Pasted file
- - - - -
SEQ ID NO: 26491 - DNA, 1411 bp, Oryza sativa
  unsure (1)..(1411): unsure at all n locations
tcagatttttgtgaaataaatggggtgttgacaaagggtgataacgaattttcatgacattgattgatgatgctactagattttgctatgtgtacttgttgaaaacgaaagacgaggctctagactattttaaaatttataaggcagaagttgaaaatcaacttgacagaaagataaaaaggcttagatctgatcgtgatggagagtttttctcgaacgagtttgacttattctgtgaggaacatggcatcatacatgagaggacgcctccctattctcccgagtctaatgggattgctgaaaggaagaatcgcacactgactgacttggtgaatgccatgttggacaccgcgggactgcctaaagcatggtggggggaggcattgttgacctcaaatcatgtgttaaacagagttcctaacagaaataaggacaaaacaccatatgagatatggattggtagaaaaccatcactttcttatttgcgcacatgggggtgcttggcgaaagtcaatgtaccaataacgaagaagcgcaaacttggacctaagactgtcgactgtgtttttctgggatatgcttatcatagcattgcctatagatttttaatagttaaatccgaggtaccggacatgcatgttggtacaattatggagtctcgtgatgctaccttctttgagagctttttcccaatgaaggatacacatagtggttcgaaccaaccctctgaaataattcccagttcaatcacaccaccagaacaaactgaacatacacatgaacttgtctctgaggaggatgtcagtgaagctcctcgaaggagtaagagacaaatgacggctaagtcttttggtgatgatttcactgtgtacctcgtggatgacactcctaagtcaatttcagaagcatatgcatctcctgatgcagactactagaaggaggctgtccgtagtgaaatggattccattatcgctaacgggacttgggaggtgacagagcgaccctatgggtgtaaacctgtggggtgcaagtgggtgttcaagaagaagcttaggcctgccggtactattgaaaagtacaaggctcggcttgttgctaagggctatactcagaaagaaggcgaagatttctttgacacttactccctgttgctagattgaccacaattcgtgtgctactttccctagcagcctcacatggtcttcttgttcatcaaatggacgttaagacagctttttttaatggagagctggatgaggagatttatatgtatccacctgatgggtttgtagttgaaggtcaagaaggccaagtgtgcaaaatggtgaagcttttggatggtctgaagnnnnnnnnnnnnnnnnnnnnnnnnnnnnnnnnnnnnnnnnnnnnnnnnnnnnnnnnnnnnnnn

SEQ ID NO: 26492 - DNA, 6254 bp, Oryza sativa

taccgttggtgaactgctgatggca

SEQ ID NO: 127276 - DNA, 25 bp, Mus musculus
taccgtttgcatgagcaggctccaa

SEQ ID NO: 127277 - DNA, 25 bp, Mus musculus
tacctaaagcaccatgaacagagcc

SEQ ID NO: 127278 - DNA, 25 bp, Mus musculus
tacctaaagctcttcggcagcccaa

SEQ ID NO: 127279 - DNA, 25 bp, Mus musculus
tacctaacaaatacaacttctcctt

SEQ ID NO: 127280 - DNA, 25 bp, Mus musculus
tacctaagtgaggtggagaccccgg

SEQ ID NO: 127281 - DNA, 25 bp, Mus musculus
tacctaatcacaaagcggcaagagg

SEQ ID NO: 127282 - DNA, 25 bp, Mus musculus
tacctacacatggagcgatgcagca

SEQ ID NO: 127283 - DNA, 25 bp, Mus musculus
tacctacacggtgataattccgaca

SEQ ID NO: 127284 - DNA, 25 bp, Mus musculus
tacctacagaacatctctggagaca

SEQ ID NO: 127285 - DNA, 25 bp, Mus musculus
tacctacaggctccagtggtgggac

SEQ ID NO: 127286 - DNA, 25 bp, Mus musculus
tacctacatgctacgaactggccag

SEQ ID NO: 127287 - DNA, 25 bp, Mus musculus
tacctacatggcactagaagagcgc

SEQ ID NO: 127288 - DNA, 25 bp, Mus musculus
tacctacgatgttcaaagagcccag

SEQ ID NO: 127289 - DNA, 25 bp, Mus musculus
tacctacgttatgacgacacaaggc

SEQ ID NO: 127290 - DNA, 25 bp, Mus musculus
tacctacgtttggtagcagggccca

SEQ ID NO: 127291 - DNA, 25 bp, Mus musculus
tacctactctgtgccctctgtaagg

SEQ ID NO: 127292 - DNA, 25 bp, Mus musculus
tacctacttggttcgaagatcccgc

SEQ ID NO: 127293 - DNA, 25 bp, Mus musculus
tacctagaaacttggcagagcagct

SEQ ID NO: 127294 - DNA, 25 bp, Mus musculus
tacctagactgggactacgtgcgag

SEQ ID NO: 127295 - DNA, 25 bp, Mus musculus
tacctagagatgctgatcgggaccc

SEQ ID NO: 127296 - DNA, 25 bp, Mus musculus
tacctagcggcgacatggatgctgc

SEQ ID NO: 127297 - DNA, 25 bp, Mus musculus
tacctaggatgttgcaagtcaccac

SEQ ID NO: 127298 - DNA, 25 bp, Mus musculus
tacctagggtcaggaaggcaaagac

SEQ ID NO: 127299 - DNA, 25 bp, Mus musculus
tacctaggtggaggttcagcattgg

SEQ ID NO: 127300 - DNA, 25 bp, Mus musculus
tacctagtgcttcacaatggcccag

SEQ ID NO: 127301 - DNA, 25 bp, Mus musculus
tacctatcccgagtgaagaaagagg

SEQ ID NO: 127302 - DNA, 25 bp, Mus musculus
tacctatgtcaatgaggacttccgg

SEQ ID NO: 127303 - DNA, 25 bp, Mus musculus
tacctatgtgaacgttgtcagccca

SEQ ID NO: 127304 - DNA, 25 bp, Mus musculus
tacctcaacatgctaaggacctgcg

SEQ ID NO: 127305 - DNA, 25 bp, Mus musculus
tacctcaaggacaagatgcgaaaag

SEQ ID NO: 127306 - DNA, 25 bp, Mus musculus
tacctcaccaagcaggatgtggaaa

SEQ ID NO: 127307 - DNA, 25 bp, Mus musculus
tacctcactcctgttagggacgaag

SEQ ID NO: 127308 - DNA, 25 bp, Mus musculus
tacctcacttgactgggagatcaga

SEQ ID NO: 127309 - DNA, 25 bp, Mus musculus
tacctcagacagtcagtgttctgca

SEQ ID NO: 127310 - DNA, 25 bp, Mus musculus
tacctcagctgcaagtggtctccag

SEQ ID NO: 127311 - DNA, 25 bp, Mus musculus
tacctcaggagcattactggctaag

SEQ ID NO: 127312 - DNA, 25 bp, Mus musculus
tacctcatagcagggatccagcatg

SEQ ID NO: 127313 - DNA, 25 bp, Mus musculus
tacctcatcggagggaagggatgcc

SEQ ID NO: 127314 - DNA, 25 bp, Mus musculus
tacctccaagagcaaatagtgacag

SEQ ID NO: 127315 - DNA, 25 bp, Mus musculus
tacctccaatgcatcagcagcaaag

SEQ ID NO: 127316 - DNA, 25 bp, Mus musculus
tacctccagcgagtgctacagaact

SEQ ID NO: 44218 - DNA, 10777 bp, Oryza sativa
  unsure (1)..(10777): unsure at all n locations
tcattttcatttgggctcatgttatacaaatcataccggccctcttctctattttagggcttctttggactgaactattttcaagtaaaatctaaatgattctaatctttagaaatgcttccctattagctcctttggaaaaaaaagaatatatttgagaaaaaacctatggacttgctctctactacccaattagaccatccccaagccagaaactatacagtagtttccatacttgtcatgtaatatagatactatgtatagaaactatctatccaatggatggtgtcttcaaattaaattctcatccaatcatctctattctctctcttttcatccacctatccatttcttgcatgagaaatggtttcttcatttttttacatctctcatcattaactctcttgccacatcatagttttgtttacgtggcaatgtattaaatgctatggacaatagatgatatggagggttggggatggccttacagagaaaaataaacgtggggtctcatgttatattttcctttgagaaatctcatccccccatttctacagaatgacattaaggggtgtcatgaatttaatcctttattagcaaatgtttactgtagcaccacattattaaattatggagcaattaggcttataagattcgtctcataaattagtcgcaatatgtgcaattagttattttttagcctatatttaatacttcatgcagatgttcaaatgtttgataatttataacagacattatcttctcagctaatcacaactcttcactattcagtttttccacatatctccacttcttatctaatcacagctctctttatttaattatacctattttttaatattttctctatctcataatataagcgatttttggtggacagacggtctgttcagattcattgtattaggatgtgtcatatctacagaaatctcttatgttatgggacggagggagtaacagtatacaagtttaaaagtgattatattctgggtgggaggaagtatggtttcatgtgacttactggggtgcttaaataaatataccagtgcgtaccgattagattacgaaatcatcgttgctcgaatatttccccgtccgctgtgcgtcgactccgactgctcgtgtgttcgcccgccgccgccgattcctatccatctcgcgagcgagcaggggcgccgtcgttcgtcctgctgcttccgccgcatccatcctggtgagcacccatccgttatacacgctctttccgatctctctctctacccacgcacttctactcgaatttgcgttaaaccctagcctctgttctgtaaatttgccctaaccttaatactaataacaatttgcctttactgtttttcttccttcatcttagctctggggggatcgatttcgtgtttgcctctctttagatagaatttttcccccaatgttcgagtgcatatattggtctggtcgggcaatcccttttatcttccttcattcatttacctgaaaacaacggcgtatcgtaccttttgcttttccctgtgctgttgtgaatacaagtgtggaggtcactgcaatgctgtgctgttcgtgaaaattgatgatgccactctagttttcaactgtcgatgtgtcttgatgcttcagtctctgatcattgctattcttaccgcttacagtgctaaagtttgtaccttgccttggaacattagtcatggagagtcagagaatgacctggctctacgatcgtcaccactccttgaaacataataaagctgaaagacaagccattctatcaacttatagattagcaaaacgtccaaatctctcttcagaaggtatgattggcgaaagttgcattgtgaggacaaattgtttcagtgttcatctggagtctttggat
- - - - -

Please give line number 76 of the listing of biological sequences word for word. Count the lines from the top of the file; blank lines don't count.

SEQ ID NO: 127311 - DNA, 25 bp, Mus musculus